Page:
you can put all your fields into one text box, then you won't have the problem of fields overwriting each other. You can also insert a text string among the fields without any problem. Here, my text strings are "No." and "Press Return Here", and the other data comes from fields.

 

Yes, I know all that and yet one still needs to create a particular data tag styles for different objects. My reflection was that this could be much more flexible, if the fields available in data tag could be inserted inside any text or callout object.

 

Another thing is that it seems that Data Tag object's width cannot be manipulated in the same way callout can. There are no vertices that allow the text box within the tag to be stretched.

 

I don't want to dwell too much on the pros and cons of data tags and their formatting, as that's not the thread's topic, but I am happy to discuss it in detail.

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Thanks for clarifying Michal.

You are correct that if a Data Tag is reporting fields from a particular record, or set of object parameters, then there must be a style for each object type. However, if you are using one that uses Object Function, General Function, or Incrementing value as the Data Source, then such a tag can be used on any object where the function is relevant. You can also include a string.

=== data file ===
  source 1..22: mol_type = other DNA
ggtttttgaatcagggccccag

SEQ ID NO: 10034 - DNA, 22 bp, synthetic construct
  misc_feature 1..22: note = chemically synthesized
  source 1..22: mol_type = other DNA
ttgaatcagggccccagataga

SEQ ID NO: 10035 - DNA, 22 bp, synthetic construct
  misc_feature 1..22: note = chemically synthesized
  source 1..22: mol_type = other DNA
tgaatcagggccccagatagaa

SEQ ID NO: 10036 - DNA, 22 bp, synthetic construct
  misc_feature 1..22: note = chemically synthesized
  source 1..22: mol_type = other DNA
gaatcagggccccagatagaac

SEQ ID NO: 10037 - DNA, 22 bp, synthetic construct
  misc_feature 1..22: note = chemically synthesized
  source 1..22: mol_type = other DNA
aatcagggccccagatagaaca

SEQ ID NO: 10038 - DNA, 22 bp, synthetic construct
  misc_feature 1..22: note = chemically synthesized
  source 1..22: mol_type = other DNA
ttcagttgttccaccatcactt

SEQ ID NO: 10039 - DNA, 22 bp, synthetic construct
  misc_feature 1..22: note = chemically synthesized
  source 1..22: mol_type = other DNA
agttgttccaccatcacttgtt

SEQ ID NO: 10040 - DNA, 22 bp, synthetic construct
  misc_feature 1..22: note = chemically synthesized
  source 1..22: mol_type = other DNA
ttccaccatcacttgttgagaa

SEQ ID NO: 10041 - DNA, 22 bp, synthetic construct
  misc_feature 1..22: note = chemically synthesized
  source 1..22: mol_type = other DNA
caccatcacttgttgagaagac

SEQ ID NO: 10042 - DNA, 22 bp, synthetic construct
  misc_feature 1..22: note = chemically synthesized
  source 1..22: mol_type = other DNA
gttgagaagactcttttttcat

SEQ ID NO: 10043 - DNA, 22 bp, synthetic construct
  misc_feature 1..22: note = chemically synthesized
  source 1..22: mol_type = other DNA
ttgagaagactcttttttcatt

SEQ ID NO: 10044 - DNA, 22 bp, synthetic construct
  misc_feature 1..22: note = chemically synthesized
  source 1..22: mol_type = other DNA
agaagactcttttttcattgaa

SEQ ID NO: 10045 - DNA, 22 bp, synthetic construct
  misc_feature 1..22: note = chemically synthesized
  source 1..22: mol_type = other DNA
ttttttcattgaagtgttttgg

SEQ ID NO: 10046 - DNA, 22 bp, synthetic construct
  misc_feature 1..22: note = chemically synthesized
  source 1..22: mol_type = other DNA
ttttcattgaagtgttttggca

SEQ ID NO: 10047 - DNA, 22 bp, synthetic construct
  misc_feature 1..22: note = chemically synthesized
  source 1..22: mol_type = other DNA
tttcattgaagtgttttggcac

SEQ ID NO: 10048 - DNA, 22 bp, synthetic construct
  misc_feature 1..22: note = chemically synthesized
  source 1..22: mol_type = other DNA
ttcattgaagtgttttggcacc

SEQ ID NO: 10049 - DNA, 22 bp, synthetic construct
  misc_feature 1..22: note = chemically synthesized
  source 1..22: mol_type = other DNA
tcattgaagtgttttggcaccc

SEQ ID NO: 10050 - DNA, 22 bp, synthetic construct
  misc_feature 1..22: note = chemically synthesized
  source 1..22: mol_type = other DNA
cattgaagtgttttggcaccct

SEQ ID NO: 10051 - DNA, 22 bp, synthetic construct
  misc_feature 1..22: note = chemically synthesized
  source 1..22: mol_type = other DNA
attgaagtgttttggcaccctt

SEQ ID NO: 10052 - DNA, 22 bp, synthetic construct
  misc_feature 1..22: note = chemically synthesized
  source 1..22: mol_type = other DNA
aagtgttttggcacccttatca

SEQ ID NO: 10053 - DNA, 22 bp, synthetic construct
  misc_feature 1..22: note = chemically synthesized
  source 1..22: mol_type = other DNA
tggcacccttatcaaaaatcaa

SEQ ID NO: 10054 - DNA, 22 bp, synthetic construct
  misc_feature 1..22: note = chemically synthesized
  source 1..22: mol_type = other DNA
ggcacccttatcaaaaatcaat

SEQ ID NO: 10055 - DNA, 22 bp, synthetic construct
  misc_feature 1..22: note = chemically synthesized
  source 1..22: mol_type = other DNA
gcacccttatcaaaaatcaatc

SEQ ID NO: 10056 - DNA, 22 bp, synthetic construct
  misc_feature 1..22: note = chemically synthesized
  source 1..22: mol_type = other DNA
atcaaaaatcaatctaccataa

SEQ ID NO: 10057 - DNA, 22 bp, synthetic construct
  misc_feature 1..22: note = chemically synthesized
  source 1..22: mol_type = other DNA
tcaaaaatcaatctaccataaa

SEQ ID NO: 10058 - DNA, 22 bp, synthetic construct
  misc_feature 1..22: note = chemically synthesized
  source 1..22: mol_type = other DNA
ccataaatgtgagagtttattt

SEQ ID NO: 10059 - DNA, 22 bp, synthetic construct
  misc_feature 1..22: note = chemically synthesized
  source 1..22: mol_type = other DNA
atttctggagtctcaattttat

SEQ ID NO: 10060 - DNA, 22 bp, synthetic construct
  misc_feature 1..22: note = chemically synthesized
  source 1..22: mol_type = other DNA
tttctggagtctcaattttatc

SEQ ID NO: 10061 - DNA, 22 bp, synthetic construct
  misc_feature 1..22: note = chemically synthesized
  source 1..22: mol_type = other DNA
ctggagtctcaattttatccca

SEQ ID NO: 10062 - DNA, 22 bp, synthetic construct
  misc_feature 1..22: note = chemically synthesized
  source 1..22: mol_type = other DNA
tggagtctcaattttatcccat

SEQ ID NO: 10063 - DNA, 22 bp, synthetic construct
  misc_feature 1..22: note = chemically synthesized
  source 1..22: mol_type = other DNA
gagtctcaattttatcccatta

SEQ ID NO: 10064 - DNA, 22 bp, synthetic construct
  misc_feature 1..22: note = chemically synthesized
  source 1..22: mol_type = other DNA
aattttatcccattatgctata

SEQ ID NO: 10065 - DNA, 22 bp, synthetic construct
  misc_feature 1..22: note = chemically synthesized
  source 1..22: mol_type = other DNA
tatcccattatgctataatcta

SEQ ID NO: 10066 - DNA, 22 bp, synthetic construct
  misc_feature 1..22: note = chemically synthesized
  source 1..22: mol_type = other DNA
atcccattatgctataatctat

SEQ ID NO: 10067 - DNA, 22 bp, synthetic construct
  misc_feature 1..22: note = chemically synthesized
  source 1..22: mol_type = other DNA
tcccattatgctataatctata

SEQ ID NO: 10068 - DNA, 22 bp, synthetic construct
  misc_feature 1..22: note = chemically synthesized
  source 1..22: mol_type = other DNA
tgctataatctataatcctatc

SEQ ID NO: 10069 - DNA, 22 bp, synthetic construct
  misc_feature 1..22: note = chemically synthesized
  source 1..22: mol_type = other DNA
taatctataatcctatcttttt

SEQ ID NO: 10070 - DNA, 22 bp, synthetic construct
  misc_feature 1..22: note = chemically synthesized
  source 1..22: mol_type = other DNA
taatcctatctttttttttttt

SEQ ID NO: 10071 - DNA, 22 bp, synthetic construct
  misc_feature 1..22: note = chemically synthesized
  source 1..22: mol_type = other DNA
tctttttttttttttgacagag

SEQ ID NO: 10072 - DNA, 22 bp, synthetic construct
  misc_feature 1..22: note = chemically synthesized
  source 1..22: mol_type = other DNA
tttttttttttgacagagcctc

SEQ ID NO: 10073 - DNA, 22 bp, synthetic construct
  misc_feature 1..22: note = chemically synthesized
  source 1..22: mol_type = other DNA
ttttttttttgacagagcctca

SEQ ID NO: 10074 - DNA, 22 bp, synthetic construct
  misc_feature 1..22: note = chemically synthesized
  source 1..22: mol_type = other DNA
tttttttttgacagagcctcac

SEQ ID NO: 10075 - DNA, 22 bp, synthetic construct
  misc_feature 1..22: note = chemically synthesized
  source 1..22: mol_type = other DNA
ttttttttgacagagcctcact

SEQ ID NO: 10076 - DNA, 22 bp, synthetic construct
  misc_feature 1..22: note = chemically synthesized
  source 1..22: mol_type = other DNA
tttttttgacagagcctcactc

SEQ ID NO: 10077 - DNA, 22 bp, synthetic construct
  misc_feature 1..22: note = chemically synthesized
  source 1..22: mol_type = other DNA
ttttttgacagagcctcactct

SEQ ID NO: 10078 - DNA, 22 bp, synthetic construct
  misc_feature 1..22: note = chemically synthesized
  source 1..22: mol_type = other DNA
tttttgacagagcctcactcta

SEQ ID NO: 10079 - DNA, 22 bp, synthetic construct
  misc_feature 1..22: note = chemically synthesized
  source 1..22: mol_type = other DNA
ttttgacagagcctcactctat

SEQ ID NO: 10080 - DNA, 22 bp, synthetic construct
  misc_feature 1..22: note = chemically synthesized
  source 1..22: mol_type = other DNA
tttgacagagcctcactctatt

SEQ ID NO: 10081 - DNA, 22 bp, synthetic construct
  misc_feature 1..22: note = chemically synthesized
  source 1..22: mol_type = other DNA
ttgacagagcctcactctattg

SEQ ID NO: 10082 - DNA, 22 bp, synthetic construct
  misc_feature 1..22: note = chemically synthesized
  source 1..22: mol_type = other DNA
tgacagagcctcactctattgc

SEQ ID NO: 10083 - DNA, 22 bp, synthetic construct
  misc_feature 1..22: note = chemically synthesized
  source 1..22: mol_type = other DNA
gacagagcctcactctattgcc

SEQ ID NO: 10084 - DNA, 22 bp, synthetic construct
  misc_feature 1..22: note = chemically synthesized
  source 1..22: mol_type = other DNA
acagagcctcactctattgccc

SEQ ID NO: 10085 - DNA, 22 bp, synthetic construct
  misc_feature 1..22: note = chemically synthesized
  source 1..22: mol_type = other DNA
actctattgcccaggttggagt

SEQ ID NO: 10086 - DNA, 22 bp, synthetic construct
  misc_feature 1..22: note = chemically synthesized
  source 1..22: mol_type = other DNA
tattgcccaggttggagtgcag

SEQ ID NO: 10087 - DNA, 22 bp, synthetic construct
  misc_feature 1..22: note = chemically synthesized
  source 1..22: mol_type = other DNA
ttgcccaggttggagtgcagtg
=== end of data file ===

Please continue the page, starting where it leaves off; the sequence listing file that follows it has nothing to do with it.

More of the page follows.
And, if you make the tag layout By Instance instead of by Style, you can change the text in each, but of course you do have to get through a number of layers of dialog to get to each one. I can certainly file an enhancement request on this element, and the desire to reshape the bounding box of the tag itself.

 

In this particular thread, the conversation was about using the Data Tag for a Z value, and the example I showed does that without needing a separate style - but with certain caveats that different objects behave differently. I think the Stake is the safer way to do this, and as it can be applied to any 3D vertex in a 3D view, will do the job.